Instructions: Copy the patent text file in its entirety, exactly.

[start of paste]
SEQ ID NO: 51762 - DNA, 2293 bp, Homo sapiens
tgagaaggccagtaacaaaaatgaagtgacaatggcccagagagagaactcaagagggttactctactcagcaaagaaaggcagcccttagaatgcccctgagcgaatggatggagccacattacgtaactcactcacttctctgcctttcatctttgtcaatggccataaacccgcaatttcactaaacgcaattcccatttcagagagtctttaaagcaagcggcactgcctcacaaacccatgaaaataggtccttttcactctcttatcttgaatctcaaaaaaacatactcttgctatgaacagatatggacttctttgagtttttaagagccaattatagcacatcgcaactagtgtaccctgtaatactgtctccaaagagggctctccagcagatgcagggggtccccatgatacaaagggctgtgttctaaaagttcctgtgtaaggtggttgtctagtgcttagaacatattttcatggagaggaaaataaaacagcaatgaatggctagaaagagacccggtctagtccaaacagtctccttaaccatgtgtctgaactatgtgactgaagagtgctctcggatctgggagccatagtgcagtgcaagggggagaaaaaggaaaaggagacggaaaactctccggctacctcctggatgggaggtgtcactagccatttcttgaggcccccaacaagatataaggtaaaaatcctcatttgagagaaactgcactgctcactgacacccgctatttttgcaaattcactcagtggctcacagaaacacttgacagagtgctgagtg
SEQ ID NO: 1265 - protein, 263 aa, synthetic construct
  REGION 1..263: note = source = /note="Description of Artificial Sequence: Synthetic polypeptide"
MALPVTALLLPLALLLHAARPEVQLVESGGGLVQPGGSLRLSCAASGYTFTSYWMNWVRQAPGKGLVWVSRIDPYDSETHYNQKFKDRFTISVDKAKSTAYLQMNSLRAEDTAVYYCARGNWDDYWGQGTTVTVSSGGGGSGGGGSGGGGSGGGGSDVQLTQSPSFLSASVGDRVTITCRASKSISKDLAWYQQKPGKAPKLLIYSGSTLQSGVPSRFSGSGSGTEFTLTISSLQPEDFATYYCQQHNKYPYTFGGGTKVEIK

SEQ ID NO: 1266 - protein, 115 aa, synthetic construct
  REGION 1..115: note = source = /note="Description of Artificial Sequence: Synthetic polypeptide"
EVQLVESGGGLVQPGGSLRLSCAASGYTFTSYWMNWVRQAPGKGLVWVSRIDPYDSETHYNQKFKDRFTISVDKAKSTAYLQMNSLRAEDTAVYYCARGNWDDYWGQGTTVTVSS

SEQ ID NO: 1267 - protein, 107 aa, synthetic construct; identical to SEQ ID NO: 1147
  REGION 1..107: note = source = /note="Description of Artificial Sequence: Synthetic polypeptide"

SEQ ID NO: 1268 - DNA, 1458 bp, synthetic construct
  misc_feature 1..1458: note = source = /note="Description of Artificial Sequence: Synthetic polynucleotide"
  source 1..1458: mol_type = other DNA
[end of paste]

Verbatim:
SEQ ID NO: 51762 - DNA, 2293 bp, Homo sapiens
tgagaaggccagtaacaaaaatgaagtgacaatggcccagagagagaactcaagagggttactctactcagcaaagaaaggcagcccttagaatgcccctgagcgaatggatggagccacattacgtaactcactcacttctctgcctttcatctttgtcaatggccataaacccgcaatttcactaaacgcaattcccatttcagagagtctttaaagcaagcggcactgcctcacaaacccatgaaaataggtccttttcactctcttatcttgaatctcaaaaaaacatactcttgctatgaacagatatggacttctttgagtttttaagagccaattatagcacatcgcaactagtgtaccctgtaatactgtctccaaagagggctctccagcagatgcagggggtccccatgatacaaagggctgtgttctaaaagttcctgtgtaaggtggttgtctagtgcttagaacatattttcatggagaggaaaataaaacagcaatgaatggctagaaagagacccggtctagtccaaacagtctccttaaccatgtgtctgaactatgtgactgaagagtgctctcggatctgggagccatagtgcagtgcaagggggagaaaaaggaaaaggagacggaaaactctccggctacctcctggatgggaggtgtcactagccatttcttgaggcccccaacaagatataaggtaaaaatcctcatttgagagaaactgcactgctcactgacacccgctatttttgcaaattcactcagtggctcacagaaacacttgacagagtgctgagtg
SEQ ID NO: 1265 - protein, 263 aa, synthetic construct
  REGION 1..263: note = source = /note="Description of Artificial Sequence: Synthetic polypeptide"
MALPVTALLLPLALLLHAARPEVQLVESGGGLVQPGGSLRLSCAASGYTFTSYWMNWVRQAPGKGLVWVSRIDPYDSETHYNQKFKDRFTISVDKAKSTAYLQMNSLRAEDTAVYYCARGNWDDYWGQGTTVTVSSGGGGSGGGGSGGGGSGGGGSDVQLTQSPSFLSASVGDRVTITCRASKSISKDLAWYQQKPGKAPKLLIYSGSTLQSGVPSRFSGSGSGTEFTLTISSLQPEDFATYYCQQHNKYPYTFGGGTKVEIK

SEQ ID NO: 1266 - protein, 115 aa, synthetic construct
  REGION 1..115: note = source = /note="Description of Artificial Sequence: Synthetic polypeptide"
EVQLVESGGGLVQPGGSLRLSCAASGYTFTSYWMNWVRQAPGKGLVWVSRIDPYDSETHYNQKFKDRFTISVDKAKSTAYLQMNSLRAEDTAVYYCARGNWDDYWGQGTTVTVSS

SEQ ID NO: 1267 - protein, 107 aa, synthetic construct; identical to SEQ ID NO: 1147
  REGION 1..107: note = source = /note="Description of Artificial Sequence: Synthetic polypeptide"

SEQ ID NO: 1268 - DNA, 1458 bp, synthetic construct
  misc_feature 1..1458: note = source = /note="Description of Artificial Sequence: Synthetic polynucleotide"
  source 1..1458: mol_type = other DNA